Every year, the movie industry decides to produce a "woman's" film. There have been movies like Thelma and Louise, Widow's Peak just to name a few. But once in a while, a pure film depicting women in realistic and charming style comes along. Boys on the Side is one of those movies that is meant to be seen with friends. The three central characters include: Jane, a talented lounge singer who happens to be a lesbian (Whoopi Goldberg), Robin, an AIDS-plagued young woman who decides to take a cross-country trip (Mary Louise Parker) and Holly, a spirited twenty-something whose significant other is abusive (Drew Barrymore). This trio brings to life the friendship of these diverse women. Robin works as an agent who embarks upon a journey headed for California. There is only one problem - she needs a companion to drive with. Jane comes to answer Robin's ad but decides that they are incompatible - that is until her car gets towed away and she loses her job. At that point California sounds like a good idea.
The real fun starts when they stop to see Holly at her demolition derby home. After viewing life from a very scary yet realistic vantage, Holly departs her adobe. But again, the plot twists and she ends up joining the road trip. At this point the true theme of the movie comes in. As the trio get to know each other, an unusual friendship emerges and a "womanly" bond forms between them. Though the film does explore the real life dramas of illness, murder trials and death, the comedy and spirit found within these characters immediately wipe away any tears that may form. It examines the real reason they're best friends.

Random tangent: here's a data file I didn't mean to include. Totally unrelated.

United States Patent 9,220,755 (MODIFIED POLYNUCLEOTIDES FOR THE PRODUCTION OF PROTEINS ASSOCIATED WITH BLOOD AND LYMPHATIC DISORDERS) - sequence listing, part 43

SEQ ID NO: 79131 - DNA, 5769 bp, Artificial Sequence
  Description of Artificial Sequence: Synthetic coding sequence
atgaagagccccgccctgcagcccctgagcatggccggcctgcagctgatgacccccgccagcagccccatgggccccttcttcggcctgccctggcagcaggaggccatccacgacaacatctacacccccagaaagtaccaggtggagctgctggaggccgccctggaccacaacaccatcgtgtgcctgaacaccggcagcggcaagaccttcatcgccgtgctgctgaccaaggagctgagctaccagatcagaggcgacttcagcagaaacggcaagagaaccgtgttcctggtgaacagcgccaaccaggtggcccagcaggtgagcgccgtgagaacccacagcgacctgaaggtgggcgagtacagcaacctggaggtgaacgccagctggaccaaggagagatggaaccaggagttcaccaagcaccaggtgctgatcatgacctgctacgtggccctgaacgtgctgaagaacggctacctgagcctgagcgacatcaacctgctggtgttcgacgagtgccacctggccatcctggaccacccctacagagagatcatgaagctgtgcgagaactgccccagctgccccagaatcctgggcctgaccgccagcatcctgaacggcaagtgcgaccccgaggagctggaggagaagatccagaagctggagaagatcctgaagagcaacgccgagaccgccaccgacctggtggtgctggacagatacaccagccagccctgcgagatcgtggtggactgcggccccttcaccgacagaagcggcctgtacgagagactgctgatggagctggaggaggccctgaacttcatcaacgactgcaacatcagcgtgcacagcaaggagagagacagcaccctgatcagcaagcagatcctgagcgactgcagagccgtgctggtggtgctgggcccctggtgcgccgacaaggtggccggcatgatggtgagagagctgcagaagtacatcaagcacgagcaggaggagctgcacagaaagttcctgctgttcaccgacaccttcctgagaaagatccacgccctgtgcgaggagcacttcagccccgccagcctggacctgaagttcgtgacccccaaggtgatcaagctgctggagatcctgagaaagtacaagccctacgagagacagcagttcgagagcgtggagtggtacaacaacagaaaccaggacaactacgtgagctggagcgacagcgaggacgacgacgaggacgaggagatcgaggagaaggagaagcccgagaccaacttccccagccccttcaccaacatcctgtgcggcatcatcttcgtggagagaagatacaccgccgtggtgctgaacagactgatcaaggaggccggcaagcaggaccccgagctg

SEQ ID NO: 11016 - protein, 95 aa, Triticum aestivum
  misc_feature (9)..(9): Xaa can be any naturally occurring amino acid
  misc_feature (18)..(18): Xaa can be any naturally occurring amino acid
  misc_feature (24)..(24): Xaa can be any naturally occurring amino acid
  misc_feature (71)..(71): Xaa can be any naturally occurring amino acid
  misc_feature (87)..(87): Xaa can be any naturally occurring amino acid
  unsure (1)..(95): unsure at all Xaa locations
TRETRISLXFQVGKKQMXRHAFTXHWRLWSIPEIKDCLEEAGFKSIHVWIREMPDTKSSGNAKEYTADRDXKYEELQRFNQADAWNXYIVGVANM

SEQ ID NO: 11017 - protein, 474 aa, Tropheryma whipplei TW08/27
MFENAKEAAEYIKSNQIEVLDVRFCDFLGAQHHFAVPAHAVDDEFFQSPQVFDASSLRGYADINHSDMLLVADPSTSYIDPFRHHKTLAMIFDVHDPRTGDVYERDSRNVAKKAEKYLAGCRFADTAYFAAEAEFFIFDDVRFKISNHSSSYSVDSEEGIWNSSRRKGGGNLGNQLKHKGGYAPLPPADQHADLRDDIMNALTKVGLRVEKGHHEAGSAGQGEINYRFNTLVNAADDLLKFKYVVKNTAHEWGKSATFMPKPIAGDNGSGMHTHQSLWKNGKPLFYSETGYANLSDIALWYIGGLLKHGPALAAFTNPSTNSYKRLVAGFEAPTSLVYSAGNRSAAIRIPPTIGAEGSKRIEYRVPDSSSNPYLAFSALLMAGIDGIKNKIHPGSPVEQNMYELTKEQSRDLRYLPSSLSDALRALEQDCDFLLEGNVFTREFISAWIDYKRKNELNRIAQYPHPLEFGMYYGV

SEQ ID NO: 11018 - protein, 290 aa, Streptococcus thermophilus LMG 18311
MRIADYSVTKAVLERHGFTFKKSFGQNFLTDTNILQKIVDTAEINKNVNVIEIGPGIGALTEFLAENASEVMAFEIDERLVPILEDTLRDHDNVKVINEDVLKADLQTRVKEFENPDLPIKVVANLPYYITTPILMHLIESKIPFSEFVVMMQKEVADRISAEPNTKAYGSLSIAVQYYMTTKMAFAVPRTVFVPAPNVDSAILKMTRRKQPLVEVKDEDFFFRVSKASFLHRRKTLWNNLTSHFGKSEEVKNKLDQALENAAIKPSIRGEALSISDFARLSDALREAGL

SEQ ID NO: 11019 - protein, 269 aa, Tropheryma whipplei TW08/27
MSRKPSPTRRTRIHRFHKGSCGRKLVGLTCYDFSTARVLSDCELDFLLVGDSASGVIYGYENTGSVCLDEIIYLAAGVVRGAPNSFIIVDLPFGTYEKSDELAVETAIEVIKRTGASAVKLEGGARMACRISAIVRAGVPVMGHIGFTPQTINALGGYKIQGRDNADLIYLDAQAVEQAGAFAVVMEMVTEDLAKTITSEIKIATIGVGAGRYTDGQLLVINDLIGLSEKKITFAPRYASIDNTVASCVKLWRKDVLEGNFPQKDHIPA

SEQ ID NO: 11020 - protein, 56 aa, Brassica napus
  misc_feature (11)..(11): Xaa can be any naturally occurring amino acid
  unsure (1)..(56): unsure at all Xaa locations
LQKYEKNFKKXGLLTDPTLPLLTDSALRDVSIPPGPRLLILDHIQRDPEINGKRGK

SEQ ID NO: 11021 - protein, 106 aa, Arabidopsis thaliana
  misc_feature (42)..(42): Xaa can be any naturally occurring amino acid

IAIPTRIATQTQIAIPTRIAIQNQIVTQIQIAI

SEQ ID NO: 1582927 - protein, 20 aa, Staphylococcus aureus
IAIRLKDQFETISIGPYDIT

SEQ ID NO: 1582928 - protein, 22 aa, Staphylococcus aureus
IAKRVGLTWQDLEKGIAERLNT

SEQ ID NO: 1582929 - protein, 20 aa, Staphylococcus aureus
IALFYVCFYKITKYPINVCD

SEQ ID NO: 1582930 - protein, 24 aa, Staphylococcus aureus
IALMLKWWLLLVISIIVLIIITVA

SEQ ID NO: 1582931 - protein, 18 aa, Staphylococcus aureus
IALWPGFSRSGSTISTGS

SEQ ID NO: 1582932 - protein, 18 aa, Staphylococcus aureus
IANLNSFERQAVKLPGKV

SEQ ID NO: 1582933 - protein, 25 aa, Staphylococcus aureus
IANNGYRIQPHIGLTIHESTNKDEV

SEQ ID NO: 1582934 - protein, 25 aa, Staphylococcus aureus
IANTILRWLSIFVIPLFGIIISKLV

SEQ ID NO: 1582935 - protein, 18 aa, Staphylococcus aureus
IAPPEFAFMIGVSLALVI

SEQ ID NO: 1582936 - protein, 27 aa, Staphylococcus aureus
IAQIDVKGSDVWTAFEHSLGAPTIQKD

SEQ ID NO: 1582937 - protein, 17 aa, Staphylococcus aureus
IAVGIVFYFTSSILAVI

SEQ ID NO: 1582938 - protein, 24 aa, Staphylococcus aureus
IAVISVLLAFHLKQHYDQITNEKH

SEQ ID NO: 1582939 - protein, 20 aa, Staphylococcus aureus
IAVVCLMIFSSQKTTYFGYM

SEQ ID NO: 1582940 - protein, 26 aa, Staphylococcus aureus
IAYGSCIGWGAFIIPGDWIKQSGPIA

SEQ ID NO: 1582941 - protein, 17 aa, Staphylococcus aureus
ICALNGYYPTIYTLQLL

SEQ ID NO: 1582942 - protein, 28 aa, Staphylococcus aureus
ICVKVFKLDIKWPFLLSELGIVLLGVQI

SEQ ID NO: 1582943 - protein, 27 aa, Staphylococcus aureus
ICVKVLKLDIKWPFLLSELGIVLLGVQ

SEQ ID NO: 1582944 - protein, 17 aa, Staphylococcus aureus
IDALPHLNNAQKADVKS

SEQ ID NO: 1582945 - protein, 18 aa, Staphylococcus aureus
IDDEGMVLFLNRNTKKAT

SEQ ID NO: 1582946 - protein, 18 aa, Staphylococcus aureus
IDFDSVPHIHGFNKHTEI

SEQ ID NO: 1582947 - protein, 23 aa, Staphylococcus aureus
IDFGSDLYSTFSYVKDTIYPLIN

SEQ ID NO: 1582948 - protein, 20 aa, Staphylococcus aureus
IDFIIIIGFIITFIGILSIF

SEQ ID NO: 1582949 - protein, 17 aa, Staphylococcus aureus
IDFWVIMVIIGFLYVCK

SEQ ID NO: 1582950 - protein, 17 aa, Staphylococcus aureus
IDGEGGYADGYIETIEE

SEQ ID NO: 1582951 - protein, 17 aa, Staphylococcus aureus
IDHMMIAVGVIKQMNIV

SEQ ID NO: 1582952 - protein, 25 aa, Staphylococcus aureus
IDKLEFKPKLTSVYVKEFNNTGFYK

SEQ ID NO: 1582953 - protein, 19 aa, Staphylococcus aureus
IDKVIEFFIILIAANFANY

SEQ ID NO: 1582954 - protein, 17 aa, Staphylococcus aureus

No, this is not a "Thelma and Louise" story, although in the beginning you may think so. And no, it is not a soap-opera story where someone's fianc" happens to be their brother because her mother happened to have an affair with the gardener and the fianc" is the gardener's son. This IS a story with many of life's morals. Life's cruelty and joys are shown through the eyes of the best sort of people in the world - friends. Many will walk out of the theater tearfully. Others will be solemnly thoughtful about the harsh representation of life's troubles. I did walk out tearfully, but with the image that defines what friendship feels like. Riding in a van and sticking your feet out so the nail polish can dry and singing off-key with your friends to the tune of Bonnie Raitt's song, "You Got It." .
This piece has been published in Teen Ink’s monthly print magazine.